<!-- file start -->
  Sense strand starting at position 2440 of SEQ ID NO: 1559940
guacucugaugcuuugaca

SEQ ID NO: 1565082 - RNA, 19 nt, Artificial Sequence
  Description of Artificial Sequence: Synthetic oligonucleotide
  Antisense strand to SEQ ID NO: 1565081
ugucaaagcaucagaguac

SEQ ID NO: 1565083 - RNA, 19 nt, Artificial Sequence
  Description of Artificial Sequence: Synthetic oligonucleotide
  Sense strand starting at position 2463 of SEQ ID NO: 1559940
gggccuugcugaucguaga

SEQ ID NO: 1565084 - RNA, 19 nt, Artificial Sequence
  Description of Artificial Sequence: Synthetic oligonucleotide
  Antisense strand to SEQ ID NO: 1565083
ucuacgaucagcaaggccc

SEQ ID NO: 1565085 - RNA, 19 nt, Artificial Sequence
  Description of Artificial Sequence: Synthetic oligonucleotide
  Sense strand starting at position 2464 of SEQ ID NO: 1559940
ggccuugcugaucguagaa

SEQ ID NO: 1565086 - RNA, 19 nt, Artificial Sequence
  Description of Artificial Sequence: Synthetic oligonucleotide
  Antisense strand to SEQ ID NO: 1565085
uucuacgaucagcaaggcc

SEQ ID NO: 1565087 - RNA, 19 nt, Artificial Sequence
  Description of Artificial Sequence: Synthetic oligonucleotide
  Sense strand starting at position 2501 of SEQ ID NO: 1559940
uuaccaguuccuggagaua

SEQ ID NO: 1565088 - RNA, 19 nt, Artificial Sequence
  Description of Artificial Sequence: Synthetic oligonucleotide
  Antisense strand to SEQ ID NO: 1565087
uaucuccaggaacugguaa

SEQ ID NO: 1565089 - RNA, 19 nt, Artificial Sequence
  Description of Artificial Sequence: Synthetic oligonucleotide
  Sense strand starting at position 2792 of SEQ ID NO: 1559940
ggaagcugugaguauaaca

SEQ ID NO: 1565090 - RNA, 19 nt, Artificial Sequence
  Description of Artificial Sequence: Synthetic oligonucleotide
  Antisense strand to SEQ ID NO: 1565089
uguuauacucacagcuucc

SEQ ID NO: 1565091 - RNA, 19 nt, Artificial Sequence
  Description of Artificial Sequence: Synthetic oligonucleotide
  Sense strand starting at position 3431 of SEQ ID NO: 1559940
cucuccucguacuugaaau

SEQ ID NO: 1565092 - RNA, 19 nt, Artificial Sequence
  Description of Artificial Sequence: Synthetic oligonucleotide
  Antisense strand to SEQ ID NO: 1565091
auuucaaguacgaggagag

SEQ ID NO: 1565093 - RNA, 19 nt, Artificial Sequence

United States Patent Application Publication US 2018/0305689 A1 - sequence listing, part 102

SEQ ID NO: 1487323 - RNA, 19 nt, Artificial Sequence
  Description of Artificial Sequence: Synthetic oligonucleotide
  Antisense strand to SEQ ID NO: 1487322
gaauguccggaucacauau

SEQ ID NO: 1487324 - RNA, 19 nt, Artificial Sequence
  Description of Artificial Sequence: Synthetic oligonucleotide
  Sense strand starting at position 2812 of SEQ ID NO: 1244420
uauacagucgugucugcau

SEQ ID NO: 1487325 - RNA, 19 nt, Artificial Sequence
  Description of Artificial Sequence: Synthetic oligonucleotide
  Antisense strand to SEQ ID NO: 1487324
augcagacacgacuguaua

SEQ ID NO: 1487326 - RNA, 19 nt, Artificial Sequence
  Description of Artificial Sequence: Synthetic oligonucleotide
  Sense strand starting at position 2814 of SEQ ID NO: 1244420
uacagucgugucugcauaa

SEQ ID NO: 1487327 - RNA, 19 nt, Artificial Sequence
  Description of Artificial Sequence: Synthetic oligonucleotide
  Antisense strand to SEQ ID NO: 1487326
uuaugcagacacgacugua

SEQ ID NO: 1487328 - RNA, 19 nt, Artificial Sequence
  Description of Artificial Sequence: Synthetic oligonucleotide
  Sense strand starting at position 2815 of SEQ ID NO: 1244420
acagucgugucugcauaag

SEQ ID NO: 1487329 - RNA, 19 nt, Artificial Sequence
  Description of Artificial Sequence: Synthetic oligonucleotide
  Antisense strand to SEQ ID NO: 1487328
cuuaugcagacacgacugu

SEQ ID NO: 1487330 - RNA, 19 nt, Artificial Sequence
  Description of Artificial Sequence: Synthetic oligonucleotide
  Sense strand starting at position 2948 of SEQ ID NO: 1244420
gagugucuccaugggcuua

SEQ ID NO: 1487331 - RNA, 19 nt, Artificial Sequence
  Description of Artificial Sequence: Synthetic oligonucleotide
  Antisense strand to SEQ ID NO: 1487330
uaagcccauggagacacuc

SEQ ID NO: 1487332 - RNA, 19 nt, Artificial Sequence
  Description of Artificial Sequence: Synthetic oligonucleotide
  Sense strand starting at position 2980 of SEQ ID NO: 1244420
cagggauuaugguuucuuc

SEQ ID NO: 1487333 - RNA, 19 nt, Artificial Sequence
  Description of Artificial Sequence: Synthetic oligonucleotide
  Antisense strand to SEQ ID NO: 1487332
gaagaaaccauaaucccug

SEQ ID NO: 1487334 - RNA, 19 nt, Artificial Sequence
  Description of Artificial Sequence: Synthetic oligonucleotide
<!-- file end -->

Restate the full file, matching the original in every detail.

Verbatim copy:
  Sense strand starting at position 2440 of SEQ ID NO: 1559940
guacucugaugcuuugaca

SEQ ID NO: 1565082 - RNA, 19 nt, Artificial Sequence
  Description of Artificial Sequence: Synthetic oligonucleotide
  Antisense strand to SEQ ID NO: 1565081
ugucaaagcaucagaguac

SEQ ID NO: 1565083 - RNA, 19 nt, Artificial Sequence
  Description of Artificial Sequence: Synthetic oligonucleotide
  Sense strand starting at position 2463 of SEQ ID NO: 1559940
gggccuugcugaucguaga

SEQ ID NO: 1565084 - RNA, 19 nt, Artificial Sequence
  Description of Artificial Sequence: Synthetic oligonucleotide
  Antisense strand to SEQ ID NO: 1565083
ucuacgaucagcaaggccc

SEQ ID NO: 1565085 - RNA, 19 nt, Artificial Sequence
  Description of Artificial Sequence: Synthetic oligonucleotide
  Sense strand starting at position 2464 of SEQ ID NO: 1559940
ggccuugcugaucguagaa

SEQ ID NO: 1565086 - RNA, 19 nt, Artificial Sequence
  Description of Artificial Sequence: Synthetic oligonucleotide
  Antisense strand to SEQ ID NO: 1565085
uucuacgaucagcaaggcc

SEQ ID NO: 1565087 - RNA, 19 nt, Artificial Sequence
  Description of Artificial Sequence: Synthetic oligonucleotide
  Sense strand starting at position 2501 of SEQ ID NO: 1559940
uuaccaguuccuggagaua

SEQ ID NO: 1565088 - RNA, 19 nt, Artificial Sequence
  Description of Artificial Sequence: Synthetic oligonucleotide
  Antisense strand to SEQ ID NO: 1565087
uaucuccaggaacugguaa

SEQ ID NO: 1565089 - RNA, 19 nt, Artificial Sequence
  Description of Artificial Sequence: Synthetic oligonucleotide
  Sense strand starting at position 2792 of SEQ ID NO: 1559940
ggaagcugugaguauaaca

SEQ ID NO: 1565090 - RNA, 19 nt, Artificial Sequence
  Description of Artificial Sequence: Synthetic oligonucleotide
  Antisense strand to SEQ ID NO: 1565089
uguuauacucacagcuucc

SEQ ID NO: 1565091 - RNA, 19 nt, Artificial Sequence
  Description of Artificial Sequence: Synthetic oligonucleotide
  Sense strand starting at position 3431 of SEQ ID NO: 1559940
cucuccucguacuugaaau

SEQ ID NO: 1565092 - RNA, 19 nt, Artificial Sequence
  Description of Artificial Sequence: Synthetic oligonucleotide
  Antisense strand to SEQ ID NO: 1565091
auuucaaguacgaggagag

SEQ ID NO: 1565093 - RNA, 19 nt, Artificial Sequence

United States Patent Application Publication US 2018/0305689 A1 - sequence listing, part 102

SEQ ID NO: 1487323 - RNA, 19 nt, Artificial Sequence
  Description of Artificial Sequence: Synthetic oligonucleotide
  Antisense strand to SEQ ID NO: 1487322
gaauguccggaucacauau

SEQ ID NO: 1487324 - RNA, 19 nt, Artificial Sequence
  Description of Artificial Sequence: Synthetic oligonucleotide
  Sense strand starting at position 2812 of SEQ ID NO: 1244420
uauacagucgugucugcau

SEQ ID NO: 1487325 - RNA, 19 nt, Artificial Sequence
  Description of Artificial Sequence: Synthetic oligonucleotide
  Antisense strand to SEQ ID NO: 1487324
augcagacacgacuguaua

SEQ ID NO: 1487326 - RNA, 19 nt, Artificial Sequence
  Description of Artificial Sequence: Synthetic oligonucleotide
  Sense strand starting at position 2814 of SEQ ID NO: 1244420
uacagucgugucugcauaa

SEQ ID NO: 1487327 - RNA, 19 nt, Artificial Sequence
  Description of Artificial Sequence: Synthetic oligonucleotide
  Antisense strand to SEQ ID NO: 1487326
uuaugcagacacgacugua

SEQ ID NO: 1487328 - RNA, 19 nt, Artificial Sequence
  Description of Artificial Sequence: Synthetic oligonucleotide
  Sense strand starting at position 2815 of SEQ ID NO: 1244420
acagucgugucugcauaag

SEQ ID NO: 1487329 - RNA, 19 nt, Artificial Sequence
  Description of Artificial Sequence: Synthetic oligonucleotide
  Antisense strand to SEQ ID NO: 1487328
cuuaugcagacacgacugu

SEQ ID NO: 1487330 - RNA, 19 nt, Artificial Sequence
  Description of Artificial Sequence: Synthetic oligonucleotide
  Sense strand starting at position 2948 of SEQ ID NO: 1244420
gagugucuccaugggcuua

SEQ ID NO: 1487331 - RNA, 19 nt, Artificial Sequence
  Description of Artificial Sequence: Synthetic oligonucleotide
  Antisense strand to SEQ ID NO: 1487330
uaagcccauggagacacuc

SEQ ID NO: 1487332 - RNA, 19 nt, Artificial Sequence
  Description of Artificial Sequence: Synthetic oligonucleotide
  Sense strand starting at position 2980 of SEQ ID NO: 1244420
cagggauuaugguuucuuc

SEQ ID NO: 1487333 - RNA, 19 nt, Artificial Sequence
  Description of Artificial Sequence: Synthetic oligonucleotide
  Antisense strand to SEQ ID NO: 1487332
gaagaaaccauaaucccug

SEQ ID NO: 1487334 - RNA, 19 nt, Artificial Sequence
  Description of Artificial Sequence: Synthetic oligonucleotide